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You too can influence EU pig welfare circa 2005

by 5m Editor
7 April 2003, at 12:00am

UK - The direction that pig welfare is taking in Europe is now clear...

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National
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Association

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THE VOICE OF THE UK PIG INDUSTRY

NPA is active on members' behalf in Brussels & White-hall, and with pro-cessors, supermarkets & caterers – fighting for the growth and pros-perity of the UK pig industry.

  • Straw (or equivalent) for all pigs, including for sows to nest in.
  • No totally-slatted accommodation.
  • Enhanced space allowances for growing pigs and finishers.
  • Natural light in new buildings.

Whilst there will be no attempt to legislate on these issues for several years, it is important that all NPA producers and allied trades download the document below, read it carefully and make their views known, either direct to Ann Petersson at at NPA, or to any Producer Group member.

The document in question is the Recommendation Concerning Pigs by the "Standing Committee of the European Convention for the Protection of Animals Kept for Farming Purposes".

It may well be used as a basis for changes in European law when the EC review the current EU pig welfare regulation in 2005.

Over the past three years NPA has found itself fighting bush fires caused by issues which had been determined before it came into existence. This is one of the first opportunities for the association to start lobbying early to prevent UK producers being burdened with more unsustainable cost.

It may be that this lobbying can be carried out in conjunction with producers on the continent, who have much to fear from a possible ban on totally-slatted systems.

Thus it is important that as many NPA members as possible read and comment on Recommendation Concerning Pigs (below) to ensure that NPA's welfare working group is aware of all the possible issues.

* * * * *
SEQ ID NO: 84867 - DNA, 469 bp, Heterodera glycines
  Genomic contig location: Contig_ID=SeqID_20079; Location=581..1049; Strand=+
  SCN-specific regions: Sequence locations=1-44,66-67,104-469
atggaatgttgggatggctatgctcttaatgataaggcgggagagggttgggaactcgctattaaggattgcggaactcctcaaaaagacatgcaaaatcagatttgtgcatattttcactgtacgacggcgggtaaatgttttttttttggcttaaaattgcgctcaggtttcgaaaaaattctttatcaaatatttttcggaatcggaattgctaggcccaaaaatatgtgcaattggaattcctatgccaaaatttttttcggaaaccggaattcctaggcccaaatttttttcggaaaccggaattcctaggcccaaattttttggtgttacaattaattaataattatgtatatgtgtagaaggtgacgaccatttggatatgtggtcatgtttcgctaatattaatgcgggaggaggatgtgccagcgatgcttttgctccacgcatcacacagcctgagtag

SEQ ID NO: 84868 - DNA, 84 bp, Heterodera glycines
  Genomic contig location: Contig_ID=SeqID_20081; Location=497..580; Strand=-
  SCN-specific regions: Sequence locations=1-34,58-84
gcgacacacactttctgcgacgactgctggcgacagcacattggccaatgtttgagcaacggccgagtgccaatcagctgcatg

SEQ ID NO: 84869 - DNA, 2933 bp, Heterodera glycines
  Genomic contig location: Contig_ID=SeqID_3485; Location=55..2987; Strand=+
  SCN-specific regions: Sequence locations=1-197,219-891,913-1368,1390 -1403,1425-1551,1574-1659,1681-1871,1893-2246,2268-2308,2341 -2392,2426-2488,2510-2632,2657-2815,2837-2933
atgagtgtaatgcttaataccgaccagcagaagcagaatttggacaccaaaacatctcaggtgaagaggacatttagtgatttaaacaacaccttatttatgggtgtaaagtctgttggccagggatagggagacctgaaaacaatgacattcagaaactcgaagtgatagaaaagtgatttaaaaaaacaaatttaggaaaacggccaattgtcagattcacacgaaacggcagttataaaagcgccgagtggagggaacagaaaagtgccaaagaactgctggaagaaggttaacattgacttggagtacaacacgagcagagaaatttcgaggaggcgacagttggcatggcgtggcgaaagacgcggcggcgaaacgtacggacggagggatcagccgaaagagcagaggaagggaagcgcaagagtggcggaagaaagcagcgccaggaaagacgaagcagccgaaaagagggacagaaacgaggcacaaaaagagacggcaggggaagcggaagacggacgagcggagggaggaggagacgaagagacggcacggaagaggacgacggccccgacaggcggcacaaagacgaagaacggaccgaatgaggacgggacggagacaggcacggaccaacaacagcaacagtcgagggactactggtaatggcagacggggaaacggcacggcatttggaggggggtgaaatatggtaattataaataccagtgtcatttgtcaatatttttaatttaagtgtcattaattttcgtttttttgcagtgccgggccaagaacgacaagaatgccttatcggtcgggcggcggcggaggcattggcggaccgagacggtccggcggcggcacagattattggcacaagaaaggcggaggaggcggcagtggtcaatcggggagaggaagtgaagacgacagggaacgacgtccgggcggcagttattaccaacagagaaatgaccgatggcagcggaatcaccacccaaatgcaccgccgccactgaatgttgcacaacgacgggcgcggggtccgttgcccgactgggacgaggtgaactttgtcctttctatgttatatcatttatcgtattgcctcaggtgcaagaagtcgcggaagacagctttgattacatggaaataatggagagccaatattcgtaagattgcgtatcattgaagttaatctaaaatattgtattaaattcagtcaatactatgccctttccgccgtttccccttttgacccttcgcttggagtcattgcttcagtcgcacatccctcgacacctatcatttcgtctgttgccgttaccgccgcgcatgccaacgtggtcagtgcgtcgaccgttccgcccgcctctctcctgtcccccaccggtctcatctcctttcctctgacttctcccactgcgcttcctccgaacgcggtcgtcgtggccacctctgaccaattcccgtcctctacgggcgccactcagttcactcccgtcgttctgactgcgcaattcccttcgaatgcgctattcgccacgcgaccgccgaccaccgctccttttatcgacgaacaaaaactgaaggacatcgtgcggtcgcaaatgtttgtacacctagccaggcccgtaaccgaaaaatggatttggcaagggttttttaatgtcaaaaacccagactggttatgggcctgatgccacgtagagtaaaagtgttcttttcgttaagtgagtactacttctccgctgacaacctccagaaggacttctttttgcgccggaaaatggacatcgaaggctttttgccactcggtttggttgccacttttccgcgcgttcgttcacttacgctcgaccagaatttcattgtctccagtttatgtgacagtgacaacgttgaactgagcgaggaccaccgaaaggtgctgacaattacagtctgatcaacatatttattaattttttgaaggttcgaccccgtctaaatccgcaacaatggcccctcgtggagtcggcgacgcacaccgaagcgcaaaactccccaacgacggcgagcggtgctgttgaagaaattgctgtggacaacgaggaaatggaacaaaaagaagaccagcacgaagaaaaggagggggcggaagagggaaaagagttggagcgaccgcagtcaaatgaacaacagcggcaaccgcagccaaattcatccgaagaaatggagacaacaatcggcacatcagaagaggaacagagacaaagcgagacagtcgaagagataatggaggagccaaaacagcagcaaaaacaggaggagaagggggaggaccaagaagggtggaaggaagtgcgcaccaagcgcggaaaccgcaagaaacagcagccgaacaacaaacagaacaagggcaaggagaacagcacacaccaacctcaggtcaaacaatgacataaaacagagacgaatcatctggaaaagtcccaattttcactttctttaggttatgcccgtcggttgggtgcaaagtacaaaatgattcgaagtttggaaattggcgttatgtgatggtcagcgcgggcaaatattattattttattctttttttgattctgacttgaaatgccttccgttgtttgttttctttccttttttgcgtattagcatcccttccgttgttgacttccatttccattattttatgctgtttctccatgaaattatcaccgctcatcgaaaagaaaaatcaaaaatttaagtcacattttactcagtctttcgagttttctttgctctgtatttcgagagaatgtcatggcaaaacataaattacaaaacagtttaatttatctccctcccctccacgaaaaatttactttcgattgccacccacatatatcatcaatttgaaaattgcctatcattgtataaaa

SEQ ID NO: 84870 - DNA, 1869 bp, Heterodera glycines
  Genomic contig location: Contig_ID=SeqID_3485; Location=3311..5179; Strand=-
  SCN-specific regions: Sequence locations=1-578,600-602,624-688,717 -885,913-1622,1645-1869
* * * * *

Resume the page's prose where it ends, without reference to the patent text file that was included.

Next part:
Defra have drawn attention to the following areas which go further than current legislation.

  • Article 11.2. Visual barriers within group pens which allow pigs to hide from aggressors should be provided at least during mixing.

  • Article 11.5. Solid floor should be used in the lying area.

  • Article 13. All pigs to have access at all times to adequate amounts of materials for investigation and manipulation, including rooting. Materials listed include straw, hay, maize chaff, grass, peat, earth, wood and bark.

  • Article 15.1. Provisions regarding ambient temperature, air velocity, relative humidity, dust level and other atmospheric conditions may require the use of water sprays.

  • Article 20.1. Natural light should be used in newly built or rebuilt facilities.

  • Article 24.3. Teeth clipping prohibited, although grinding is permitted in very limited circumstances.

  • Appendix II - Dry Sows. Measures to be taken to avoid excessive aggression include visual barriers to enable sows to escape or hide from aggressors.

  • Appendix III - Sows During the Perinatal Period and Sows/Piglets During the Suckling Period. Nesting material to be available in all holdings newly built or rebuilt. Loose housing system of sows during the perinatal and suckling periods to be aimed at.